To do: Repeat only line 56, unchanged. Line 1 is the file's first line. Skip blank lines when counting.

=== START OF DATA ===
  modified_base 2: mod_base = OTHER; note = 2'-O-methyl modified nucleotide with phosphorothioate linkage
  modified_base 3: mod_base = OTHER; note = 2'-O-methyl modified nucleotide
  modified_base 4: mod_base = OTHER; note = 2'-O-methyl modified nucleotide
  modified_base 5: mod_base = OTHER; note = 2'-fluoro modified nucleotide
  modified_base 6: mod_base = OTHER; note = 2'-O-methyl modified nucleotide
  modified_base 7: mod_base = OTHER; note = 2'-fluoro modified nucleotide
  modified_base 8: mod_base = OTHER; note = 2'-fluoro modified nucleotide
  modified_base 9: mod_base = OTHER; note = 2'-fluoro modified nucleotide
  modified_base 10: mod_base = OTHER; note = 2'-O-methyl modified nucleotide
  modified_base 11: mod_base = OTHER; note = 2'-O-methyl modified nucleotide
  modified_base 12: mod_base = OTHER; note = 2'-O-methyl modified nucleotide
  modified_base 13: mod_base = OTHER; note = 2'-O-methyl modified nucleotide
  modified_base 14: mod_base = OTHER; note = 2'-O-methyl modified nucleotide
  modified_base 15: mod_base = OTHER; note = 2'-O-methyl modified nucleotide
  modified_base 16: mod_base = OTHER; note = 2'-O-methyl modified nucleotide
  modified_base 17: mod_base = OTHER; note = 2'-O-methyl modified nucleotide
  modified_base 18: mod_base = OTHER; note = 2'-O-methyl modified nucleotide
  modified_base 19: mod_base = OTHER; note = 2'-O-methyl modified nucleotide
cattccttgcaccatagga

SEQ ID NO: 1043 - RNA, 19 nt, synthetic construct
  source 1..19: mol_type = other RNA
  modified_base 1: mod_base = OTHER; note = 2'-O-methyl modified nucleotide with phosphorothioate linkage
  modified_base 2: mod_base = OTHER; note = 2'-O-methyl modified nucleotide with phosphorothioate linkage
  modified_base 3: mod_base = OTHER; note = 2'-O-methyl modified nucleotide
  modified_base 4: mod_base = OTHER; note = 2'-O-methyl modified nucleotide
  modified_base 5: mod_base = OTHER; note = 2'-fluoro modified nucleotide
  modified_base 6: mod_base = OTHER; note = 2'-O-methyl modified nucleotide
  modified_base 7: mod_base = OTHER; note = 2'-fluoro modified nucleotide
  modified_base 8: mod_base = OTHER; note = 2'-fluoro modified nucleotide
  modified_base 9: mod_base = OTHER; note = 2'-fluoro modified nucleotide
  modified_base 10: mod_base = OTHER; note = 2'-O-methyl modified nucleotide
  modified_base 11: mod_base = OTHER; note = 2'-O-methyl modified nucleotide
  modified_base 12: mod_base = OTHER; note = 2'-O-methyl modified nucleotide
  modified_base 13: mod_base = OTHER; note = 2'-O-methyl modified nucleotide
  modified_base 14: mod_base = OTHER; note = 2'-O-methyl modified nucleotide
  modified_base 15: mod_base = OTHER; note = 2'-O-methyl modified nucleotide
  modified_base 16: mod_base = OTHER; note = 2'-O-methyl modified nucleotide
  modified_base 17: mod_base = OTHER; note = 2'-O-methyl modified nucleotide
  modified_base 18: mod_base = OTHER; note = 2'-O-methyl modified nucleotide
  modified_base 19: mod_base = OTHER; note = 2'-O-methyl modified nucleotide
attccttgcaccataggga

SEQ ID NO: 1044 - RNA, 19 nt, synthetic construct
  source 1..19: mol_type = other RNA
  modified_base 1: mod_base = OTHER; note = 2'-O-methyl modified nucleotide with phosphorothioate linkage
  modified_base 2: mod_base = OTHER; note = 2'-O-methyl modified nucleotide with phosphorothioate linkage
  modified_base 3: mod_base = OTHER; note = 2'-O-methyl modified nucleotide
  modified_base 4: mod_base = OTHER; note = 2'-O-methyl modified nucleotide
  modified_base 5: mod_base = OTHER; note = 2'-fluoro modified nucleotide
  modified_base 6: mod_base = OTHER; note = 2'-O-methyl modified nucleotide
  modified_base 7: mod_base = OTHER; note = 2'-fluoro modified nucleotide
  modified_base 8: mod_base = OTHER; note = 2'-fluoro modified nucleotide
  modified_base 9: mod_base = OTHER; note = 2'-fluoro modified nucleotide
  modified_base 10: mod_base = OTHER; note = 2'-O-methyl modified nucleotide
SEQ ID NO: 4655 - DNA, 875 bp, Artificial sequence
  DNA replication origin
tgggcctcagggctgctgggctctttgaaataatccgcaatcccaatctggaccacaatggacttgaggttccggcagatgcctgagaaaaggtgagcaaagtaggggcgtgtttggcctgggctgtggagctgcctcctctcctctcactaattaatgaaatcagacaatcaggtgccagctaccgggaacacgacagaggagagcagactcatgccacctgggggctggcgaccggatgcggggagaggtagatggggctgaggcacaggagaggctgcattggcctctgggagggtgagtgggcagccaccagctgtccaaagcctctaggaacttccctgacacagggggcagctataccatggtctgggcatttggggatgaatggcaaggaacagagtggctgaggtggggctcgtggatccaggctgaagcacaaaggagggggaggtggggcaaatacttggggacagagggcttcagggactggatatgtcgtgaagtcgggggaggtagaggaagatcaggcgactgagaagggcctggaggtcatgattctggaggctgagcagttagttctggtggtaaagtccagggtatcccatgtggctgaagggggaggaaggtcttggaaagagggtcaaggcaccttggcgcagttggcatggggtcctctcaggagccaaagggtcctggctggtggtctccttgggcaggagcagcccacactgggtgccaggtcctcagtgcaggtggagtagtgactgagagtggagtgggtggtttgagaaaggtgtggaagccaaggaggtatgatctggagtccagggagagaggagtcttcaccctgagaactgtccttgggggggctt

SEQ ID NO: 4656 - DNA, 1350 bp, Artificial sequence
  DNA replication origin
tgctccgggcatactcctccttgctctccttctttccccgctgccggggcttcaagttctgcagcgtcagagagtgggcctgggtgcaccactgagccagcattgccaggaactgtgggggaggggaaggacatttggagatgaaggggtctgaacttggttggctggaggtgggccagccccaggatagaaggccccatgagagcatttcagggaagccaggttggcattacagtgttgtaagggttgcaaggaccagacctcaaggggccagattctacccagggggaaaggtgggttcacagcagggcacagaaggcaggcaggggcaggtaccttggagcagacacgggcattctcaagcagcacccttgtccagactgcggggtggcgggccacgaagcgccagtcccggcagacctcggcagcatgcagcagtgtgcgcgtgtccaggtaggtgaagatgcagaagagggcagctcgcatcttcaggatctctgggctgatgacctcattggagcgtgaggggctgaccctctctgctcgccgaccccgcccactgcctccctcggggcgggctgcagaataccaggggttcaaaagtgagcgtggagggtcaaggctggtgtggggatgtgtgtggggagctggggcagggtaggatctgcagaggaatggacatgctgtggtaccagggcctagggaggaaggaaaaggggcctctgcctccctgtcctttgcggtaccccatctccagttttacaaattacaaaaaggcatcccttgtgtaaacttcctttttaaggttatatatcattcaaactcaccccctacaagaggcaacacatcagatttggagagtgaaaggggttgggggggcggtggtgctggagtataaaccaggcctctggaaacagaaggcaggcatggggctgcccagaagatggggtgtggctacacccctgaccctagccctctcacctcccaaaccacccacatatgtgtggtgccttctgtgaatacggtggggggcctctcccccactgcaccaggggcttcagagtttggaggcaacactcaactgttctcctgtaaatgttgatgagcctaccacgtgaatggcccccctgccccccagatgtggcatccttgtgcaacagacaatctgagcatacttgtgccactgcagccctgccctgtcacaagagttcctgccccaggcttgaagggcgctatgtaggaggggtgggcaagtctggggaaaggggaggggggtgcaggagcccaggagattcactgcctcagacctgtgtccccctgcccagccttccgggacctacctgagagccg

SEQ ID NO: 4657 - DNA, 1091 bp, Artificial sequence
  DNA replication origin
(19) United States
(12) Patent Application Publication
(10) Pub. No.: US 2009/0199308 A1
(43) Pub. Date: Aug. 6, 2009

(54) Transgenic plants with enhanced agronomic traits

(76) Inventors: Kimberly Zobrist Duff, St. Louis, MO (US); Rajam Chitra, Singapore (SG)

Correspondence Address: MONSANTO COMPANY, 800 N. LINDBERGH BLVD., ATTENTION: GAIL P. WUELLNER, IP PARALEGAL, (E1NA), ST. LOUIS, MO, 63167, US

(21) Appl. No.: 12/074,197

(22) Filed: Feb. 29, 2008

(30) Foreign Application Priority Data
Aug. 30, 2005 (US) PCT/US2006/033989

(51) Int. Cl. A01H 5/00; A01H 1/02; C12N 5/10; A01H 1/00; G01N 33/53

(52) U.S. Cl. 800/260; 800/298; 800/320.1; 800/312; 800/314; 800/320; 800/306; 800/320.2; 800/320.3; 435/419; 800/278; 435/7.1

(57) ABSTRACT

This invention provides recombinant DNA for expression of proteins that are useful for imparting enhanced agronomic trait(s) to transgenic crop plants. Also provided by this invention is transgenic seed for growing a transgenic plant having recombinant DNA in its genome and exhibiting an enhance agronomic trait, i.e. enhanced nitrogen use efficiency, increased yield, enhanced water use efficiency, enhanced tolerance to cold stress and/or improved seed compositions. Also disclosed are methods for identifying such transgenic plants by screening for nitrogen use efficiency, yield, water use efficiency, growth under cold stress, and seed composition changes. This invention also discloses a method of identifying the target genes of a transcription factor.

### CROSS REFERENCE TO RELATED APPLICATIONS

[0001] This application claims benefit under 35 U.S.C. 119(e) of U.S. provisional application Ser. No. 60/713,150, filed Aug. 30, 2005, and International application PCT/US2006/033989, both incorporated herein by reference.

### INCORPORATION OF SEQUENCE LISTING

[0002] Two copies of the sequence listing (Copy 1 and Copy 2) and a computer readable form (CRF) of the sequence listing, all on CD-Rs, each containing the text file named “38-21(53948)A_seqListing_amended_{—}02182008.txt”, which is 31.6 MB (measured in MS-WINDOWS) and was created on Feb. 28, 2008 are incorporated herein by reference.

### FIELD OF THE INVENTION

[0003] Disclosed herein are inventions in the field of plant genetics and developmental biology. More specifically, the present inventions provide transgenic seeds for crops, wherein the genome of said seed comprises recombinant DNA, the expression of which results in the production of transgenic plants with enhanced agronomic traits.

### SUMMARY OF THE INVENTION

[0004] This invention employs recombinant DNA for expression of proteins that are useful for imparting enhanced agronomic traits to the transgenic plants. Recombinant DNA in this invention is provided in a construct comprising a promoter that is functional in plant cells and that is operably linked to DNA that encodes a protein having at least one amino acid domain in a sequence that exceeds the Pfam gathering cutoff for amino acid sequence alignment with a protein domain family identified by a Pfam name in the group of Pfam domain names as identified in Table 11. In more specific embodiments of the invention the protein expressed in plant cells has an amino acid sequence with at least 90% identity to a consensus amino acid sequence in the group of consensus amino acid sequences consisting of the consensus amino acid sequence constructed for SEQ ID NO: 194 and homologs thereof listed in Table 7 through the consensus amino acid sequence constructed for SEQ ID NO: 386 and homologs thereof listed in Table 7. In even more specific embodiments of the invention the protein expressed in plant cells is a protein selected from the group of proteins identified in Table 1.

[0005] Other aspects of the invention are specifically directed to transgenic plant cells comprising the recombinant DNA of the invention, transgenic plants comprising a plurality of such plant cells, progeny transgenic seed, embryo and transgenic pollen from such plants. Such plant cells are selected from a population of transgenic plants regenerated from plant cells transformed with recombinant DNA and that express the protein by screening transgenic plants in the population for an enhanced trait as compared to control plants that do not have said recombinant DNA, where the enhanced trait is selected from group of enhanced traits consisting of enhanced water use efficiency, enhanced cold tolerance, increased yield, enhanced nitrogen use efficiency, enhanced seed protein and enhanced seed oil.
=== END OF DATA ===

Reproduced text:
tgggcctcagggctgctgggctctttgaaataatccgcaatcccaatctggaccacaatggacttgaggttccggcagatgcctgagaaaaggtgagcaaagtaggggcgtgtttggcctgggctgtggagctgcctcctctcctctcactaattaatgaaatcagacaatcaggtgccagctaccgggaacacgacagaggagagcagactcatgccacctgggggctggcgaccggatgcggggagaggtagatggggctgaggcacaggagaggctgcattggcctctgggagggtgagtgggcagccaccagctgtccaaagcctctaggaacttccctgacacagggggcagctataccatggtctgggcatttggggatgaatggcaaggaacagagtggctgaggtggggctcgtggatccaggctgaagcacaaaggagggggaggtggggcaaatacttggggacagagggcttcagggactggatatgtcgtgaagtcgggggaggtagaggaagatcaggcgactgagaagggcctggaggtcatgattctggaggctgagcagttagttctggtggtaaagtccagggtatcccatgtggctgaagggggaggaaggtcttggaaagagggtcaaggcaccttggcgcagttggcatggggtcctctcaggagccaaagggtcctggctggtggtctccttgggcaggagcagcccacactgggtgccaggtcctcagtgcaggtggagtagtgactgagagtggagtgggtggtttgagaaaggtgtggaagccaaggaggtatgatctggagtccagggagagaggagtcttcaccctgagaactgtccttgggggggctt